Hanukkiot projected on the walls of Jerusalem’s Old City during Hanukka last year.
(photo credit: MARC ISRAEL SELLEM/THE JERUSALEM POST)
Hanukka, which the Jewish people has been celebrating for almost 2,200 years, is a holiday marking a historic event that occurred during the Second Temple period.
Antiochus IV Epiphanes was the Greek king of the Seleucid Empire. He wanted to impose Hellenistic culture in the Land of Israel and did so by enforcing destructive decrees forbidding Jews to fulfill God’s commandments. The Hasmonean family, priests who inhabited the area of Modi’in not far from Jerusalem, led a revolt that ultimately – and surprisingly – succeeded in overcoming the Seleucid Empire and establishing Jewish rule in the Land of Israel.
One of the high points of the revolt was when the Hasmoneans and their supporters succeeded in removing foreign rule from the Temple in Jerusalem, purifying the Temple by removing the idolatrous symbols the Greeks had put in it, and lighting the Menorah in the Temple. In memory of this miracle, we celebrate the festival of Hanukka and light candles for eight days to publicize the miracle of lighting the Menorah in the Temple.
One of Antiochus’s decrees was described by sages of the midrash as follows: The Greeks, who darkened the eyes of Israel with their decrees, would tell them: “Write on the horn of an ox that you have no part in the God of Israel” (Midrash Genesis Raba 2:4).
The message the Greeks wanted to impose on the Jews was clear. They wanted to annihilate the Jewish faith and lifestyle. But the way in which they sought to do this – by writing on the “horn of an ox” – needs to be explained.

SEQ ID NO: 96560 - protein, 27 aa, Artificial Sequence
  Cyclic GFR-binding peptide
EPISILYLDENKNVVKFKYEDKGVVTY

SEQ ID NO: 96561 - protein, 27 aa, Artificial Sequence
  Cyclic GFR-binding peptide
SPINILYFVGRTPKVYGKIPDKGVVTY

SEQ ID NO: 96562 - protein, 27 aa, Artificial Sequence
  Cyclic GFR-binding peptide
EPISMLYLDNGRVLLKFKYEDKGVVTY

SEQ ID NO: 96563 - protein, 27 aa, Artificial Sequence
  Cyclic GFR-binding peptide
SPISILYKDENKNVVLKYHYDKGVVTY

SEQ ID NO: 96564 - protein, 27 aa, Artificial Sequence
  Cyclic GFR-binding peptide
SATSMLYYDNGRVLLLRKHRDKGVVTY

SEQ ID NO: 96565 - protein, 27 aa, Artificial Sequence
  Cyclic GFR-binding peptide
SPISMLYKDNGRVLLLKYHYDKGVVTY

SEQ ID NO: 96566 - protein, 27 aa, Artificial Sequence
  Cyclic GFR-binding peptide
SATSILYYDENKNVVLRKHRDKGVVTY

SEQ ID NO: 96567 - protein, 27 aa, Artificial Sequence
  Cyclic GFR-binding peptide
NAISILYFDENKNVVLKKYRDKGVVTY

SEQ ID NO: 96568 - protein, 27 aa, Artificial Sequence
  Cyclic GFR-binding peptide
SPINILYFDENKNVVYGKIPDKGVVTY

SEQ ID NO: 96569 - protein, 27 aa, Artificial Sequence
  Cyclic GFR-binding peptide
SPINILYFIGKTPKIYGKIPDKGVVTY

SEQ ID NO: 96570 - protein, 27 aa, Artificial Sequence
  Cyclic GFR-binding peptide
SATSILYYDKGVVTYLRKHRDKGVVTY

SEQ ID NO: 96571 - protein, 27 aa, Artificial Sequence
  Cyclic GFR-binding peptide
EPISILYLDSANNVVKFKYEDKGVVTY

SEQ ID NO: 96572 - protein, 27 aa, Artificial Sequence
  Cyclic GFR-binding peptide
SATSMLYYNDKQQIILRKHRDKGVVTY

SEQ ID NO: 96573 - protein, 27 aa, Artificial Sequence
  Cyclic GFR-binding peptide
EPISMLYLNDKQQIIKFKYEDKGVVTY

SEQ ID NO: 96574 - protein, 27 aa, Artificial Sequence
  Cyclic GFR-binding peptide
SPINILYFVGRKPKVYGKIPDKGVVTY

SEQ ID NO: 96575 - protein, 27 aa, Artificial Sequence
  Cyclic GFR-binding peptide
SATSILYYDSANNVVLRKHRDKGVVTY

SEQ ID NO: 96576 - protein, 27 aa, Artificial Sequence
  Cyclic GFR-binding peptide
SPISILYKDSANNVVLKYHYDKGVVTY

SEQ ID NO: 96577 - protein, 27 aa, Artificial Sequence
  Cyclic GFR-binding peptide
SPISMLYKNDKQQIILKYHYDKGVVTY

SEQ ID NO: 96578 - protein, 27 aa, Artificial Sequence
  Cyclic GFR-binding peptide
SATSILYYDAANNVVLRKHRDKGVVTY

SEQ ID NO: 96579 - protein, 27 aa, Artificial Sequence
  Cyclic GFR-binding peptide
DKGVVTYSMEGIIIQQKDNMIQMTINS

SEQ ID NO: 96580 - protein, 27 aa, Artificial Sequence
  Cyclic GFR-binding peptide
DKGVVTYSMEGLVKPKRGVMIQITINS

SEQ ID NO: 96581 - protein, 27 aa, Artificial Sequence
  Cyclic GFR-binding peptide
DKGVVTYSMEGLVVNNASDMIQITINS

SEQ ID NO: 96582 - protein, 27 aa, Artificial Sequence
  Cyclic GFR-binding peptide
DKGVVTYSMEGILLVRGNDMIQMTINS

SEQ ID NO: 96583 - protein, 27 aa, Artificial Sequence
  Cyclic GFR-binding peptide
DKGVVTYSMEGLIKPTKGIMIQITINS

What is “the horn of an ox” and for what is it used? At that time, the horn of an ox served as a bottle for feeding babies. The Greeks wanted to inculcate, already from the baby’s birth: “We have no part in the God of Israel.” The Greeks, as well as those who opposed the Hasmoneans, understood all too well that this was a culture war, and therefore the war focused on Jewish education, beginning with young children.
Culture wars are not necessarily fought violently.
Hanukka could teach us how to deal with a multicultural world, one in which every person and every child is exposed to cultural messages that are occasionally very different from Jewish cultural values.
We must pay attention to this especially nowadays.
We live in the Information Age, when exposure to different cultures is almost inevitable. A person could bequeath Jewish values to his children, but immediately afterward they are exposed to cultures with values opposed to Jewish ones.
Every parent wants to pass on his heritage to his children, a heritage with what he or she considers to be positive values. We must find successful ways of doing this in an era when our children, and even we, are exposed to so much varied information.
It seems that succeeding in this depends on our ability to make Judaism beloved to us and to our sons and daughters. Victory in this confrontation cannot be achieved other than by reaching a person’s heart.
Judaism is not weak. It has great power and can withstand this confrontation. But to do so requires profundity, insight, and above all a joyous Judaism, a Judaism that a person feels completes him and contributes positively to his life.
Along with this, Hanukka is about family, celebrating in a cozy home.
Family members who gather around the candles, playing games and uniting while feeling connected to the Jewish people and its glorious history, face up to their significant roles as Jews in the Information Age. The writer is the rabbi of the Western Wall and holy sites.